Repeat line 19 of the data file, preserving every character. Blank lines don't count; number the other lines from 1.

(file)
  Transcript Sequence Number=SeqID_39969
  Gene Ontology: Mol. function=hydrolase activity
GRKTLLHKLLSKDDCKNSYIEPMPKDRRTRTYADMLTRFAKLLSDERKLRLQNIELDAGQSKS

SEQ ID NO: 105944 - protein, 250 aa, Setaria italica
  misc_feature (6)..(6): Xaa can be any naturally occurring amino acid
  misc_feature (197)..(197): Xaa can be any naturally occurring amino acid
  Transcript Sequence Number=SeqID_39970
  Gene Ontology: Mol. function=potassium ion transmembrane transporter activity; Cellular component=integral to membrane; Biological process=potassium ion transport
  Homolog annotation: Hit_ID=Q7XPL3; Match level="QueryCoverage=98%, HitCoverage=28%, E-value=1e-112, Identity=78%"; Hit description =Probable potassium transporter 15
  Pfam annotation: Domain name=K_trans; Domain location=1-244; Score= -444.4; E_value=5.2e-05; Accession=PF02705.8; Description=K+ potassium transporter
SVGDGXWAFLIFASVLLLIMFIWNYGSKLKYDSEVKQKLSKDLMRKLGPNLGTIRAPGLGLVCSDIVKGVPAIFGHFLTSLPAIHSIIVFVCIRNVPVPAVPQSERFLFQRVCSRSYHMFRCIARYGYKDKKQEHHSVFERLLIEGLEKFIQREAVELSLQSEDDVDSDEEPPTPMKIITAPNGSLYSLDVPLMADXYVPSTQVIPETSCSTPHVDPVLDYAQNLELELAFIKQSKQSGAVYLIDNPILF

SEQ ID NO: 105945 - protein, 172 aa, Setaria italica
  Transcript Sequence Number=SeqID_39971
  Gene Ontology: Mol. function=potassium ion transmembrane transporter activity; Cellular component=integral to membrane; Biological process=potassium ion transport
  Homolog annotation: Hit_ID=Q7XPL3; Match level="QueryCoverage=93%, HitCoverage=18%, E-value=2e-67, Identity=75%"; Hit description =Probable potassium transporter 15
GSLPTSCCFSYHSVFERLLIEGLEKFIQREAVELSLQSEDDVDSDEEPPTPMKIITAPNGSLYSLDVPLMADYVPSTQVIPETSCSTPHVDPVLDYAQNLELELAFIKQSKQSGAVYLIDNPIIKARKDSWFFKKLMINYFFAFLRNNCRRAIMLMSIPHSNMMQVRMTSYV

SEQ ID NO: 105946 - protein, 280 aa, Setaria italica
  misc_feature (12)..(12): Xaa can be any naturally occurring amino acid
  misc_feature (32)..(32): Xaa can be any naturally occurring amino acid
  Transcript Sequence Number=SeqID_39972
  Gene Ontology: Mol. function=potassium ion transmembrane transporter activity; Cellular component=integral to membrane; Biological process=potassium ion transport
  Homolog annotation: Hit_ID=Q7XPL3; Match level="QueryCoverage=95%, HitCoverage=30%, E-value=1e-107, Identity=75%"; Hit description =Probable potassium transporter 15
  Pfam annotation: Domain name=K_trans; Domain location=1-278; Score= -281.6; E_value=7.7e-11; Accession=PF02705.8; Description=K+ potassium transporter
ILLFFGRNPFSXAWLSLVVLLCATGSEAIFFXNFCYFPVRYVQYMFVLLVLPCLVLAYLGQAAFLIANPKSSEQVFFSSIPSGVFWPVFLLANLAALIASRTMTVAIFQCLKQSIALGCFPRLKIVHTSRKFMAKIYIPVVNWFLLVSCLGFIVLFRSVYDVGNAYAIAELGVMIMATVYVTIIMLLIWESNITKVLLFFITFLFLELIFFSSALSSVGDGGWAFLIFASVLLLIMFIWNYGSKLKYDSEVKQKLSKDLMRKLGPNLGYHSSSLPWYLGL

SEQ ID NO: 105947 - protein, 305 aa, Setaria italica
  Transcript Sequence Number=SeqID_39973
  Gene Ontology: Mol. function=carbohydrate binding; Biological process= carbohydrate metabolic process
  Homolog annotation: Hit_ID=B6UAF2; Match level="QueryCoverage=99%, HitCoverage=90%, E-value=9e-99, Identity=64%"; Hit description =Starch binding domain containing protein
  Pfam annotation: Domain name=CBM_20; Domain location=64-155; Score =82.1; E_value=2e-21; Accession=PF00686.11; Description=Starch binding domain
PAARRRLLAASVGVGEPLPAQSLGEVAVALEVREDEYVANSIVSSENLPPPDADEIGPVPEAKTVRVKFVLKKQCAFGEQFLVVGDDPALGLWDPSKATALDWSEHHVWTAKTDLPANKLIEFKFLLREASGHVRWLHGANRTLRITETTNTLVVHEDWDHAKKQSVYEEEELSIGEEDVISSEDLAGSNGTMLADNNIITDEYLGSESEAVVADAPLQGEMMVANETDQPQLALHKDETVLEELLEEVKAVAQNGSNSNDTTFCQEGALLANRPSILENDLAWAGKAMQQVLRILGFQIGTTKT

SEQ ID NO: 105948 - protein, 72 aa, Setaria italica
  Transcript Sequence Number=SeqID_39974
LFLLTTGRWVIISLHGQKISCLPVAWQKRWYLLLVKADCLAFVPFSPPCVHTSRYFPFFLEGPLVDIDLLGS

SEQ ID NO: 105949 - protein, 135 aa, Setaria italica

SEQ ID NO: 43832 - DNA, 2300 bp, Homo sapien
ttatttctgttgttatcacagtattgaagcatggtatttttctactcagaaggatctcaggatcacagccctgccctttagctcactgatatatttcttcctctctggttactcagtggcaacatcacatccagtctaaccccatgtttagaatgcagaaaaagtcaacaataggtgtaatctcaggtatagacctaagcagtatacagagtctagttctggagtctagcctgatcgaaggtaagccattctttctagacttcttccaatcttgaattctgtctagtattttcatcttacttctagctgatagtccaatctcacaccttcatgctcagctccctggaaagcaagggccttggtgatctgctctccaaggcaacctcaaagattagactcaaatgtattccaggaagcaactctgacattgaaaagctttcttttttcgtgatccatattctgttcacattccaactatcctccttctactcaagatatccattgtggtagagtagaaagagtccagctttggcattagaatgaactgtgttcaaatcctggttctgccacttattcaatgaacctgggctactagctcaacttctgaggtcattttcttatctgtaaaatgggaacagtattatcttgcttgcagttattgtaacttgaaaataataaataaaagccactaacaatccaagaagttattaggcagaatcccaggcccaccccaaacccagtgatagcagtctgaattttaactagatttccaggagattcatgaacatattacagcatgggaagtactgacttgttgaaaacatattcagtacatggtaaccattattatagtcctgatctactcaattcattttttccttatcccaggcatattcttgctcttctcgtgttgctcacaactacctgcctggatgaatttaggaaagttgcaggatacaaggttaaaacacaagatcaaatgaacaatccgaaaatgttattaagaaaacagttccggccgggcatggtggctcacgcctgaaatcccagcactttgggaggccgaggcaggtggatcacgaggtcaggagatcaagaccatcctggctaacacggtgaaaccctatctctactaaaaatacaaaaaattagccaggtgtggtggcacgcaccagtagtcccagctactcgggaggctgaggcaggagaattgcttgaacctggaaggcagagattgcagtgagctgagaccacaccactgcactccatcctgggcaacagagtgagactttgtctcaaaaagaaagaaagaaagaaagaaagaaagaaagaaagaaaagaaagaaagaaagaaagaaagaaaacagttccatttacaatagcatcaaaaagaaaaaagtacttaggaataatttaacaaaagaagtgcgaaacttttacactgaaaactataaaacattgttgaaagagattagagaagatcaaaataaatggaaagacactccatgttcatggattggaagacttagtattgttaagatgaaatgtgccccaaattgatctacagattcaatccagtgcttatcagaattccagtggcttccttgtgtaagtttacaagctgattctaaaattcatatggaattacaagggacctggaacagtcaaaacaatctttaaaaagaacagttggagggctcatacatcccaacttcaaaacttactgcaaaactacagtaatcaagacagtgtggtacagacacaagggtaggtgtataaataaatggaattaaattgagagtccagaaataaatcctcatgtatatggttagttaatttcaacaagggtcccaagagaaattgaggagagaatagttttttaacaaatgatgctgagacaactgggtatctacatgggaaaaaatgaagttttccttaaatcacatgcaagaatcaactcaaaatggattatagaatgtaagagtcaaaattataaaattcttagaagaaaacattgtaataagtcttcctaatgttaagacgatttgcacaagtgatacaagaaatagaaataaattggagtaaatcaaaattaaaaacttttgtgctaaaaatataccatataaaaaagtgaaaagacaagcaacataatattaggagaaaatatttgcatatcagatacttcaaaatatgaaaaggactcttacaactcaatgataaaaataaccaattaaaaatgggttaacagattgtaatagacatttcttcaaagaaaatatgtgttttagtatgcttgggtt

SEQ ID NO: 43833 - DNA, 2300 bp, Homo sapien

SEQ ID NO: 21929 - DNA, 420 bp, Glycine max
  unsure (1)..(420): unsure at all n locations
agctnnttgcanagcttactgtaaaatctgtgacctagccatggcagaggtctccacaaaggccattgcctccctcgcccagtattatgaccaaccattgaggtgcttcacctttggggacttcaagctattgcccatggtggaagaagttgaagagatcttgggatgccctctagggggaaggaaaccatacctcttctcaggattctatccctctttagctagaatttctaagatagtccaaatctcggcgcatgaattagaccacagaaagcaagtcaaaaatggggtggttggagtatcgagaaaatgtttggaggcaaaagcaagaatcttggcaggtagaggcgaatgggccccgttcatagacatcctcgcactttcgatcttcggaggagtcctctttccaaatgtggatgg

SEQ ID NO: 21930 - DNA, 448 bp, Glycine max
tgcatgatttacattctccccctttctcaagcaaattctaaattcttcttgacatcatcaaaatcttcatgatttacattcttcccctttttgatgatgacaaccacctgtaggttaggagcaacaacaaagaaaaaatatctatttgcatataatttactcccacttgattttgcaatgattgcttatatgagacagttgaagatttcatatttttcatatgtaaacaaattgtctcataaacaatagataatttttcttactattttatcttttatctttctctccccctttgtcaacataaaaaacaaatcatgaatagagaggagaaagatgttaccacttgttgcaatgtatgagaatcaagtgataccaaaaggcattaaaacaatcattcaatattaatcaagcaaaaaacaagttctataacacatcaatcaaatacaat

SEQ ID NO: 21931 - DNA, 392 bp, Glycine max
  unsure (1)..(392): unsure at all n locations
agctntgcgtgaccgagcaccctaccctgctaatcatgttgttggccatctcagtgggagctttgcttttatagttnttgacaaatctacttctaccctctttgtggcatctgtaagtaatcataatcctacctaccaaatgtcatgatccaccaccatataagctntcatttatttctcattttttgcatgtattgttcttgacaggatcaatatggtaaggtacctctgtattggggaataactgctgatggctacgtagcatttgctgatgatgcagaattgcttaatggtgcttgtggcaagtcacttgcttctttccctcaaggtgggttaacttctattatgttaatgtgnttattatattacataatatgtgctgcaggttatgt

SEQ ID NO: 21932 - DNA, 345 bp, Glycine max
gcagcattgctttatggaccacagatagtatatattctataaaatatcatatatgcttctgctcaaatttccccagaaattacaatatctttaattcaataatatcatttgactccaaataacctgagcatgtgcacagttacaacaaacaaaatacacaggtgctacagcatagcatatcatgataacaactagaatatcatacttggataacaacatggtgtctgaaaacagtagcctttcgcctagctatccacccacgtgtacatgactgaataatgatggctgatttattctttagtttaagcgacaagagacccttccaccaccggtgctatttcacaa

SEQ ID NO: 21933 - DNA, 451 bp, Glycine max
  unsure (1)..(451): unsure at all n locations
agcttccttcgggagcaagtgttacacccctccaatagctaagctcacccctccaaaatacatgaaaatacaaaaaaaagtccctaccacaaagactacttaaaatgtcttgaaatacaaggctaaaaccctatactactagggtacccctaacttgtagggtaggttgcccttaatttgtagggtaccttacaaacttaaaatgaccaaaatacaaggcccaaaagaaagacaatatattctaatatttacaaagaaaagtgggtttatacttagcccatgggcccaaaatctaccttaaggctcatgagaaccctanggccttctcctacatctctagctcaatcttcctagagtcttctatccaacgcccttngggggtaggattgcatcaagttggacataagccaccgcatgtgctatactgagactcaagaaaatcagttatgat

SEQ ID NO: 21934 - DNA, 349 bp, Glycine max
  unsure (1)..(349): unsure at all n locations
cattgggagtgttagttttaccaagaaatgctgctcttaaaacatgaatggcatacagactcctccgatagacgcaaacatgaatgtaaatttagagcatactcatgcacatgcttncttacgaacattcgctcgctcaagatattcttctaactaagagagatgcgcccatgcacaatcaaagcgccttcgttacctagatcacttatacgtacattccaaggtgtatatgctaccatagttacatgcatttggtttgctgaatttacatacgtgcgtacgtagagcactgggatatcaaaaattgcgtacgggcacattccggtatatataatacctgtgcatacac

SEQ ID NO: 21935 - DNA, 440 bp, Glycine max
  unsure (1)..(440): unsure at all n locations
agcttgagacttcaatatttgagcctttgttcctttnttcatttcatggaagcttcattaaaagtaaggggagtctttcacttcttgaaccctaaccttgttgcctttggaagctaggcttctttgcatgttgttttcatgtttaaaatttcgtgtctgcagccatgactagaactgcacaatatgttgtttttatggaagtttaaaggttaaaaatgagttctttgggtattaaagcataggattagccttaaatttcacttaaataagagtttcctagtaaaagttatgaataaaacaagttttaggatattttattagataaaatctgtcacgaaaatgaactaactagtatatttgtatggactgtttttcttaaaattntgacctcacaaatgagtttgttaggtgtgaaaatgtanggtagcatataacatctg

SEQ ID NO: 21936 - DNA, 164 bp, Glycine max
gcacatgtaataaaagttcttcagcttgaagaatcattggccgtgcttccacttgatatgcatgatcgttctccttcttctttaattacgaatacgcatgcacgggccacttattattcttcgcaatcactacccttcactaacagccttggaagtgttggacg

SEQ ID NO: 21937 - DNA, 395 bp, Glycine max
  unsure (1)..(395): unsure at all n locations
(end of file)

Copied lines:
  misc_feature (32)..(32): Xaa can be any naturally occurring amino acid